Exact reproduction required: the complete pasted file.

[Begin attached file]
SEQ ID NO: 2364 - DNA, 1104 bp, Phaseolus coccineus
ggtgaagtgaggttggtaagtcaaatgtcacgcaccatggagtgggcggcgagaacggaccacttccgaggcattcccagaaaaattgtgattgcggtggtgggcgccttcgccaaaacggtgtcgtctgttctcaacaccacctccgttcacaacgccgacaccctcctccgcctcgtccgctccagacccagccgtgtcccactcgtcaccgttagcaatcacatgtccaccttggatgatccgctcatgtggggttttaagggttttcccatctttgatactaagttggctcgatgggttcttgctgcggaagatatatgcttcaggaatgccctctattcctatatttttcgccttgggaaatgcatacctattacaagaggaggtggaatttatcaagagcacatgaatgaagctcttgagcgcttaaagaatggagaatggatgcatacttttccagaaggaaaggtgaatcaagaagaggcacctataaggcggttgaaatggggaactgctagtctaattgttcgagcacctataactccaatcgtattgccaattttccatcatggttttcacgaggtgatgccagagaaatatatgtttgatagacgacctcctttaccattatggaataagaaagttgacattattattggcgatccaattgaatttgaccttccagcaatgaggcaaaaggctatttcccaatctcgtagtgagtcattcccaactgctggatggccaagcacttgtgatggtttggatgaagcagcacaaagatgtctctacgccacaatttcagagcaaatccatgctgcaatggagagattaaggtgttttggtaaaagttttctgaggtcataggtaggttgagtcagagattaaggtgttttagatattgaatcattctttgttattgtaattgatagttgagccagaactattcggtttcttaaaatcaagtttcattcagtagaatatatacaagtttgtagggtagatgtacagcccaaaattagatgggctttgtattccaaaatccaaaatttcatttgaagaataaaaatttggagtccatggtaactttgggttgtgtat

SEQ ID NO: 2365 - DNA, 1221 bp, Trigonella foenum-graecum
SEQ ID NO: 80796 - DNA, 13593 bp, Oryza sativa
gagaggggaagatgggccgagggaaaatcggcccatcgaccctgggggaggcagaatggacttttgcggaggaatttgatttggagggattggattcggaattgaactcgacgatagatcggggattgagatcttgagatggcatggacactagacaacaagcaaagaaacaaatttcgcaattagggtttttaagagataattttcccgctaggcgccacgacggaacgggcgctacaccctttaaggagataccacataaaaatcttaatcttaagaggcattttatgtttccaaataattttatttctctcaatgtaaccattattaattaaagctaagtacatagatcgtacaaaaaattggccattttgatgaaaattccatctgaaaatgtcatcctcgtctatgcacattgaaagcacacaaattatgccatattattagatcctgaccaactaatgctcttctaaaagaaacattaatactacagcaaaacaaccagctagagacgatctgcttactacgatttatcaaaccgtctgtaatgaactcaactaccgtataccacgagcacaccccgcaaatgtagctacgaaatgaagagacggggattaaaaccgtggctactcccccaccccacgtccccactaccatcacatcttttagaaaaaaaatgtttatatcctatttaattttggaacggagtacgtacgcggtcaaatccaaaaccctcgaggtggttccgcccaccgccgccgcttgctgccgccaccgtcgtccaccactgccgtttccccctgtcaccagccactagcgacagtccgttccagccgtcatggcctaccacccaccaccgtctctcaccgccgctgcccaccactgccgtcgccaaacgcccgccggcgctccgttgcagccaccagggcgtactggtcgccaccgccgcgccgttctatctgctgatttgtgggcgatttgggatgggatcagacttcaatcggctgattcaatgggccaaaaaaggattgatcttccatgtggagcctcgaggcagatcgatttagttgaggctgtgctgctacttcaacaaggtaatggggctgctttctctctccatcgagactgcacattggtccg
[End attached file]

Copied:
SEQ ID NO: 2364 - DNA, 1104 bp, Phaseolus coccineus
ggtgaagtgaggttggtaagtcaaatgtcacgcaccatggagtgggcggcgagaacggaccacttccgaggcattcccagaaaaattgtgattgcggtggtgggcgccttcgccaaaacggtgtcgtctgttctcaacaccacctccgttcacaacgccgacaccctcctccgcctcgtccgctccagacccagccgtgtcccactcgtcaccgttagcaatcacatgtccaccttggatgatccgctcatgtggggttttaagggttttcccatctttgatactaagttggctcgatgggttcttgctgcggaagatatatgcttcaggaatgccctctattcctatatttttcgccttgggaaatgcatacctattacaagaggaggtggaatttatcaagagcacatgaatgaagctcttgagcgcttaaagaatggagaatggatgcatacttttccagaaggaaaggtgaatcaagaagaggcacctataaggcggttgaaatggggaactgctagtctaattgttcgagcacctataactccaatcgtattgccaattttccatcatggttttcacgaggtgatgccagagaaatatatgtttgatagacgacctcctttaccattatggaataagaaagttgacattattattggcgatccaattgaatttgaccttccagcaatgaggcaaaaggctatttcccaatctcgtagtgagtcattcccaactgctggatggccaagcacttgtgatggtttggatgaagcagcacaaagatgtctctacgccacaatttcagagcaaatccatgctgcaatggagagattaaggtgttttggtaaaagttttctgaggtcataggtaggttgagtcagagattaaggtgttttagatattgaatcattctttgttattgtaattgatagttgagccagaactattcggtttcttaaaatcaagtttcattcagtagaatatatacaagtttgtagggtagatgtacagcccaaaattagatgggctttgtattccaaaatccaaaatttcatttgaagaataaaaatttggagtccatggtaactttgggttgtgtat

SEQ ID NO: 2365 - DNA, 1221 bp, Trigonella foenum-graecum
SEQ ID NO: 80796 - DNA, 13593 bp, Oryza sativa
gagaggggaagatgggccgagggaaaatcggcccatcgaccctgggggaggcagaatggacttttgcggaggaatttgatttggagggattggattcggaattgaactcgacgatagatcggggattgagatcttgagatggcatggacactagacaacaagcaaagaaacaaatttcgcaattagggtttttaagagataattttcccgctaggcgccacgacggaacgggcgctacaccctttaaggagataccacataaaaatcttaatcttaagaggcattttatgtttccaaataattttatttctctcaatgtaaccattattaattaaagctaagtacatagatcgtacaaaaaattggccattttgatgaaaattccatctgaaaatgtcatcctcgtctatgcacattgaaagcacacaaattatgccatattattagatcctgaccaactaatgctcttctaaaagaaacattaatactacagcaaaacaaccagctagagacgatctgcttactacgatttatcaaaccgtctgtaatgaactcaactaccgtataccacgagcacaccccgcaaatgtagctacgaaatgaagagacggggattaaaaccgtggctactcccccaccccacgtccccactaccatcacatcttttagaaaaaaaatgtttatatcctatttaattttggaacggagtacgtacgcggtcaaatccaaaaccctcgaggtggttccgcccaccgccgccgcttgctgccgccaccgtcgtccaccactgccgtttccccctgtcaccagccactagcgacagtccgttccagccgtcatggcctaccacccaccaccgtctctcaccgccgctgcccaccactgccgtcgccaaacgcccgccggcgctccgttgcagccaccagggcgtactggtcgccaccgccgcgccgttctatctgctgatttgtgggcgatttgggatgggatcagacttcaatcggctgattcaatgggccaaaaaaggattgatcttccatgtggagcctcgaggcagatcgatttagttgaggctgtgctgctacttcaacaaggtaatggggctgctttctctctccatcgagactgcacattggtccg